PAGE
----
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The whimsical Western worlds of Jenni Lowe

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‘Stinkers.’ COURTESY OF JENNI LOWE-ANKER

By Michael Somerby EBS STAFF

BOZEMAN – A multicolor composition depicting a posse of five skunks nosing through Indian Paintbrush wildflowers as magpies look on, aptly titled “Stinkers,” hangs in the back corner of Visions West Gallery, the contemporary Western art showroom on Main Street in downtown Bozeman.

The synthesis of these black- and white-patterned creatures evokes a story: Jenni Lowe-Anker’s grandmother would feed food scraps to the Western birds from her home in the Grasshopper Valley, attracting the smelly scavengers in droves.

What says more, however, is that these two creatures are traditionally maligned; skunks for their pungent weaponry and magpies for often-vicious scavenging tactics, such as raiding other birds’ nests to eat their eggs and young.

But in the piece “Stinkers,” carefully crafted by Jenni Lowe, as she’s known in the art world, the animals are handsome and charming, balancing the colors of their surroundings with their lack of pigment to create a swirling, “whimsical” dance of animal life.

Lowe-Anker mixing cattle marker pigments in her Bozeman studio. PHOTO BY MICHAEL SOMERBY

For Lowe-Anker, capturing the creatures of Montana and the lifestyles of the region is a life’s work, underscoring her legacy here in the Treasure State and the emphasis she places on its wildlife.

To understand that drive is to simply look back on her heritage as the great granddaughter of Montana homesteaders that settled in the Grasshopper Valley area, to her early days growing up cowgirling on those same plots of land and in her hometown, Missoula, to spending many a day in, on and around the incredible natural features of this great and expansive corner of the Lower 48.

If her Big Sky Country roots weren’t evident enough in the Montana bottled into each piece, take the fact that she exclusively uses cattle/livestock markers, a pastel- and paint-like medium used to mark animals and stock in auction and ranching settings.

“They come in about 10 colors, so I do a lot of blending,” Lowe-Anker said of the “folk medium,” as she calls it. “It means you have to have a very intimate understanding of color.”

According to Lowe-Anker, her style started off “rudimentary and simple,” and over time has adopted a more realistic quality. Still, they uphold a calling card of Lowe-Anker’s work.

“They always had and will have a very whimsical nature to them,” she said from her Bozeman studio in early October. “And that’s present in the portrayal of the wildlife and imagery I grew up with in Montana.”

Lowe-Anker’s connection to nature has provided her with an acute awareness of the effects climate change has rendered, a consciousness she’s proud to have passed on to her three adult sons she raised with world-famous alpinist Conrad Anker after Alex Lowe, their biological father and Anker’s friend and climbing partner, died in an avalanche during a Nepal ski mountaineering expedition in October of 1999.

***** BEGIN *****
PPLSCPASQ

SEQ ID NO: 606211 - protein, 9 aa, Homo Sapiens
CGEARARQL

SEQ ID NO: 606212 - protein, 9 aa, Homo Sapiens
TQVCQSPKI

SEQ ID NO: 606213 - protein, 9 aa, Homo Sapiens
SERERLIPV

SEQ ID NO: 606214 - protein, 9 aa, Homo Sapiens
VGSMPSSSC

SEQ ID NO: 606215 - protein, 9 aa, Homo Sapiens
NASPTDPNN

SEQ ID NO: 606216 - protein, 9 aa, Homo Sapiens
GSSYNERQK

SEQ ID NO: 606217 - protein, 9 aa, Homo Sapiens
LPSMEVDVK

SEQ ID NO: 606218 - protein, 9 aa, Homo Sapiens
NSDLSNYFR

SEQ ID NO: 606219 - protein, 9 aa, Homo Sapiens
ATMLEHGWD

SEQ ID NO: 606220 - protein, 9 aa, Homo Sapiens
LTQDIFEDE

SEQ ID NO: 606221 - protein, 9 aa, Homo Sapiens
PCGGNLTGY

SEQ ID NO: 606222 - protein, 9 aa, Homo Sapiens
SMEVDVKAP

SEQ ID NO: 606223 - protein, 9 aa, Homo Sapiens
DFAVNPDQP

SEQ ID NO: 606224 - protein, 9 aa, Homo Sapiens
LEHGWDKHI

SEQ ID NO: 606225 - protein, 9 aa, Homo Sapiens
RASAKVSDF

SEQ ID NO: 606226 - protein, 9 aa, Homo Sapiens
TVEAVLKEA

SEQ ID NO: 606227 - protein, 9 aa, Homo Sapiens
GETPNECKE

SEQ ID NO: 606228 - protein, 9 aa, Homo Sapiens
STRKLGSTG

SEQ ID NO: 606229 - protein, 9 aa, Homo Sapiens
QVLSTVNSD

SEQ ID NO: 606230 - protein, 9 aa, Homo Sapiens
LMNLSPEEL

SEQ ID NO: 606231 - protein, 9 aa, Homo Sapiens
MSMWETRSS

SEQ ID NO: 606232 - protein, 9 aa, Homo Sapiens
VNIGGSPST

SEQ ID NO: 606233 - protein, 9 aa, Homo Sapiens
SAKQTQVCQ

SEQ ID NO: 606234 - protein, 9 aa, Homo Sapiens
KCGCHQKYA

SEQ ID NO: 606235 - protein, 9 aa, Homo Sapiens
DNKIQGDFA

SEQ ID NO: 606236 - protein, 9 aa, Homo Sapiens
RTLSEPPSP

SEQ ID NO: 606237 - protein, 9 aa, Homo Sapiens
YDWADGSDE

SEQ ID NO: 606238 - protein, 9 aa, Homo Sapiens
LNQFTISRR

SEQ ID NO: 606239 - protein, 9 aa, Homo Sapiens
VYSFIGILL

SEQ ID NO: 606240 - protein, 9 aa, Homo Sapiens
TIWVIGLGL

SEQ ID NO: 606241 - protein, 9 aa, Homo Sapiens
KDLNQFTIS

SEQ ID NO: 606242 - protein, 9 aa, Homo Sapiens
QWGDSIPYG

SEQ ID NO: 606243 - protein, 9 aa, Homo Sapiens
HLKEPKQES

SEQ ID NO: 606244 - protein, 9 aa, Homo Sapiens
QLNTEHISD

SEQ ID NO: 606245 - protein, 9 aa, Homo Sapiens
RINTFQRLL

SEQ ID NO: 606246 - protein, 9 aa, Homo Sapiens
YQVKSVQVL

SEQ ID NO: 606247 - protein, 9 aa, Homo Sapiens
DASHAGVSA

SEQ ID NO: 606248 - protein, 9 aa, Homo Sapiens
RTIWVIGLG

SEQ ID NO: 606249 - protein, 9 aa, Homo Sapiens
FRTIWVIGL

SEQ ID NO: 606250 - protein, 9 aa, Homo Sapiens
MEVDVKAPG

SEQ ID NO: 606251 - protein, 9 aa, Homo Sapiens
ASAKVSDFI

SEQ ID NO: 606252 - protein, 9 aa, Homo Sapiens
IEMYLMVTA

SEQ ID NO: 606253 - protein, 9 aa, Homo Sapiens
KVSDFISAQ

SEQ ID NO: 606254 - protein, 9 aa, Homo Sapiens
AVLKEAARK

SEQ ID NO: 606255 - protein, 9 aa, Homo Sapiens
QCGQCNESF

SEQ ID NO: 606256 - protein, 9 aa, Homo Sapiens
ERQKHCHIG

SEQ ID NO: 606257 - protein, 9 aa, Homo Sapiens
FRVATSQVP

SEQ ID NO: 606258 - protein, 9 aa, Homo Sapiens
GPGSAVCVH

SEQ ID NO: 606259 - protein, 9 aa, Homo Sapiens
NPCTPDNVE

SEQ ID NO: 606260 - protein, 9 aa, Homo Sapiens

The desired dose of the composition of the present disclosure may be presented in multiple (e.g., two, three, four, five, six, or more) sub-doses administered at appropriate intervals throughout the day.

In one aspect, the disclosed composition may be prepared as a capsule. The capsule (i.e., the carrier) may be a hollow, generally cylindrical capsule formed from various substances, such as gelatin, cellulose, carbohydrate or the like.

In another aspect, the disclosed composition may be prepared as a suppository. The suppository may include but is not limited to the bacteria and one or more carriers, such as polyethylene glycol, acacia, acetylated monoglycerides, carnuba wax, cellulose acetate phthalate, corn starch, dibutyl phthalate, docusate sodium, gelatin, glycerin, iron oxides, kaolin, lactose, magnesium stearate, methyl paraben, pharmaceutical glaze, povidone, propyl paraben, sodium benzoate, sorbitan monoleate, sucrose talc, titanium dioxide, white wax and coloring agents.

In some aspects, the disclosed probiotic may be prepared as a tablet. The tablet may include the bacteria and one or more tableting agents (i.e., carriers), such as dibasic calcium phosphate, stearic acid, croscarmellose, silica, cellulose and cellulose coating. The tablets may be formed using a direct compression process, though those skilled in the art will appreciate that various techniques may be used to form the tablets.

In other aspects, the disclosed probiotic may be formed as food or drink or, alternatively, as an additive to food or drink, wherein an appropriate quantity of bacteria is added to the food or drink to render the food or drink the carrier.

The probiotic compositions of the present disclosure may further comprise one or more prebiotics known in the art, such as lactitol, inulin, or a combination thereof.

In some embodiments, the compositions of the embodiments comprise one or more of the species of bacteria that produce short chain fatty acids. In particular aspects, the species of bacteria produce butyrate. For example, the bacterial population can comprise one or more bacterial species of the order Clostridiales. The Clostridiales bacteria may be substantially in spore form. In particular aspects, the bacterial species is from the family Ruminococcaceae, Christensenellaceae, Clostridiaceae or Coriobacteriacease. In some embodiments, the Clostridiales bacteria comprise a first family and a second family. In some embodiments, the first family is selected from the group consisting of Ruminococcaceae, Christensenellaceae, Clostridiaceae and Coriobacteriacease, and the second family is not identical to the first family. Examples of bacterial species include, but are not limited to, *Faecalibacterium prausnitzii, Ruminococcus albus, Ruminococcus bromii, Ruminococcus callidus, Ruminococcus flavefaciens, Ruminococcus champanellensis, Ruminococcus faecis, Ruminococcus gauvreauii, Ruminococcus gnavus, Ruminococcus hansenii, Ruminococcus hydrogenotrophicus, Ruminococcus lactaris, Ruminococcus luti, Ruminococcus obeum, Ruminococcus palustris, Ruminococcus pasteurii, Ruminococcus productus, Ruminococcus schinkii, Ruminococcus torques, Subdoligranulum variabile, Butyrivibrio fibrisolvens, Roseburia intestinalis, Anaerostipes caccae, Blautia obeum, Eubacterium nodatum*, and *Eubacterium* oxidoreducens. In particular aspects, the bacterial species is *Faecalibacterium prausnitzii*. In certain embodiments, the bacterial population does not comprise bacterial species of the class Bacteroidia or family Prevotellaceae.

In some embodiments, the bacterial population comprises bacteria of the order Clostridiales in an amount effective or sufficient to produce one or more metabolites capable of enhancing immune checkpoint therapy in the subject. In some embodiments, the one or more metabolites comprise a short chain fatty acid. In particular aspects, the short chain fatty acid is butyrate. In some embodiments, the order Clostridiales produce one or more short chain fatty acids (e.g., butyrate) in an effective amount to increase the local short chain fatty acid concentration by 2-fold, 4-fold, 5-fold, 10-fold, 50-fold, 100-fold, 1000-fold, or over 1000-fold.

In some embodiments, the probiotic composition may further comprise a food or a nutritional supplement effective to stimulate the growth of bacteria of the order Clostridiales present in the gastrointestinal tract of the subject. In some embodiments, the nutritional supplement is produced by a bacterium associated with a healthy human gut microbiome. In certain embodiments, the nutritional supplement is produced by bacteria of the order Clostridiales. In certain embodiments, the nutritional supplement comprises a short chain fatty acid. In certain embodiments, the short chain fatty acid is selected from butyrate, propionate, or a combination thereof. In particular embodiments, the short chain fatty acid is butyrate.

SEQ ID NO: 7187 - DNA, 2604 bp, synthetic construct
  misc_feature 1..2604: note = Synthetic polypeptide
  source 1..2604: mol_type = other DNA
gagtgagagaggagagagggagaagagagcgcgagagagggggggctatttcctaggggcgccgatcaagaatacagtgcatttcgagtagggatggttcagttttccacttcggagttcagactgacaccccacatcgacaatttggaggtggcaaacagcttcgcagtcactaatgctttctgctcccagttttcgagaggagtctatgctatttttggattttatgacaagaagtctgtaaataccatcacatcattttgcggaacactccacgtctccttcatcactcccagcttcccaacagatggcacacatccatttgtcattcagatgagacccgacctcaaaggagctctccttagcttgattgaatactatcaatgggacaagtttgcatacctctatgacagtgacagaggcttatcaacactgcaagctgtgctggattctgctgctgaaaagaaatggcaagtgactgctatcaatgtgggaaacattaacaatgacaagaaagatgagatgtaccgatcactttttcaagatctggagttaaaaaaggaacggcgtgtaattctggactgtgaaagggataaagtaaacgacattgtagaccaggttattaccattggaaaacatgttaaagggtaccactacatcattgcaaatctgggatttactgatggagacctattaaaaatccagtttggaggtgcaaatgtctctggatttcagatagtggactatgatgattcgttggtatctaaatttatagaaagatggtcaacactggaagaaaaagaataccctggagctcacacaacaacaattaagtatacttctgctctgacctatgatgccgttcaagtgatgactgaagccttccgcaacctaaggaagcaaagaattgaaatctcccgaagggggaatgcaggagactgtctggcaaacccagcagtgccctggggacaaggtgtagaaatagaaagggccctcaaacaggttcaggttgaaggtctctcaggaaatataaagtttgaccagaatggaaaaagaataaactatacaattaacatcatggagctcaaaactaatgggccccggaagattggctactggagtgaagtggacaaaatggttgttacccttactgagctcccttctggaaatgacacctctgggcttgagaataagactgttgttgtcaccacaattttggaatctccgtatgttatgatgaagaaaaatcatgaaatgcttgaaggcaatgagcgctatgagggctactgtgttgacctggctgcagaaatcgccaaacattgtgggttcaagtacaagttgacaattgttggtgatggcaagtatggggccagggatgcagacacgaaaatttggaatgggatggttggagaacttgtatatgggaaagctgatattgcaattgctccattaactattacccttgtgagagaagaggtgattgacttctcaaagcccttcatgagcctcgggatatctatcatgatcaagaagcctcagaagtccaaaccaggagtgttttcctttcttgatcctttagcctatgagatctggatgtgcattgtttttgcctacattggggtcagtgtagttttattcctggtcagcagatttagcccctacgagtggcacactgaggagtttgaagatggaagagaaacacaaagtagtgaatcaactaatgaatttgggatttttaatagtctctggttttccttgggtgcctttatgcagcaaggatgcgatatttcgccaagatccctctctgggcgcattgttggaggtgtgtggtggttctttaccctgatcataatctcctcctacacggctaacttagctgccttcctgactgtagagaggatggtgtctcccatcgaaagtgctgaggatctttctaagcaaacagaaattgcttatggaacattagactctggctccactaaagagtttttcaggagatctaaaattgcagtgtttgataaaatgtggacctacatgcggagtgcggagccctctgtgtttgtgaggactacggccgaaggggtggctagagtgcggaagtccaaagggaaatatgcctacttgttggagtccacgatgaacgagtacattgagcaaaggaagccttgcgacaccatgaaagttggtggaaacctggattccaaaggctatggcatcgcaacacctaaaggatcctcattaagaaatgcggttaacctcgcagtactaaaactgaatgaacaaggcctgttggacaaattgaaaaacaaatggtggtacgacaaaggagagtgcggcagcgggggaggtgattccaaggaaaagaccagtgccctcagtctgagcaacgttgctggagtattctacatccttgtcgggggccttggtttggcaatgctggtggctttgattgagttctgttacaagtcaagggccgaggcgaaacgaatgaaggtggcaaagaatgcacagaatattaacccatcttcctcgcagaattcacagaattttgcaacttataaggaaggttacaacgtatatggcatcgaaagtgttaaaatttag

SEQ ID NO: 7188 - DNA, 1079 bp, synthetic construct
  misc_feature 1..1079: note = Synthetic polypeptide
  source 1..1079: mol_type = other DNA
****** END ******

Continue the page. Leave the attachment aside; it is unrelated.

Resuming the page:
‘Polar Vortex.’ COURTESY OF JENNI LOWE-ANKER

“With species declining more rapidly than they ever have in the history of mankind, it’s dire,” Lowe-Anker said. “So when I look outside and see a nuthatch at my feeder, I think, ‘thank God they’re still here.’ To me that’s joy, to see those species still here, to be there for them and to protect them.”

She’s conveyed that joy to show audiences and patrons over her more than 30-year-long career, a unique form of conservation advocacy that celebrates what remains.

“One-third of all birds have died in the last 30 years,” she said. “That’s a statistic the Audubon Society has put out. That’s horrible. Do you want a painting of a bunch of dead birds?”

Lowe-Anker calls a piece hanging in the front entrance of Visions West, “Polar Vortex,” among her more aggressive in its pro-conservation messaging. Named after the harsh winter conditions that descended upon the region last winter, it portrays artic foxes, wolves and hares, polar bears, and a white ermine assembled across a sheet of snow and ice.

The animals look regal. They look comfortable in their arctic habitat, seemingly unaware of the environmental peril rushing to meet them. Words lace the spaces between them: “Climate Change is a Global Crisis Bold Action Needed.” Beneath them, etched into their shadows: “The artic is warming faster than any region on Earth,” and “1/3 of species predicted to be extinct by 2050.”

Listen to Lowe-Anker: Thank god these creatures, like the humble nutchatch, are still here—it’s reason enough relish in art, like hers, that represents them as they are in existence, full of spirit and whimsy. 

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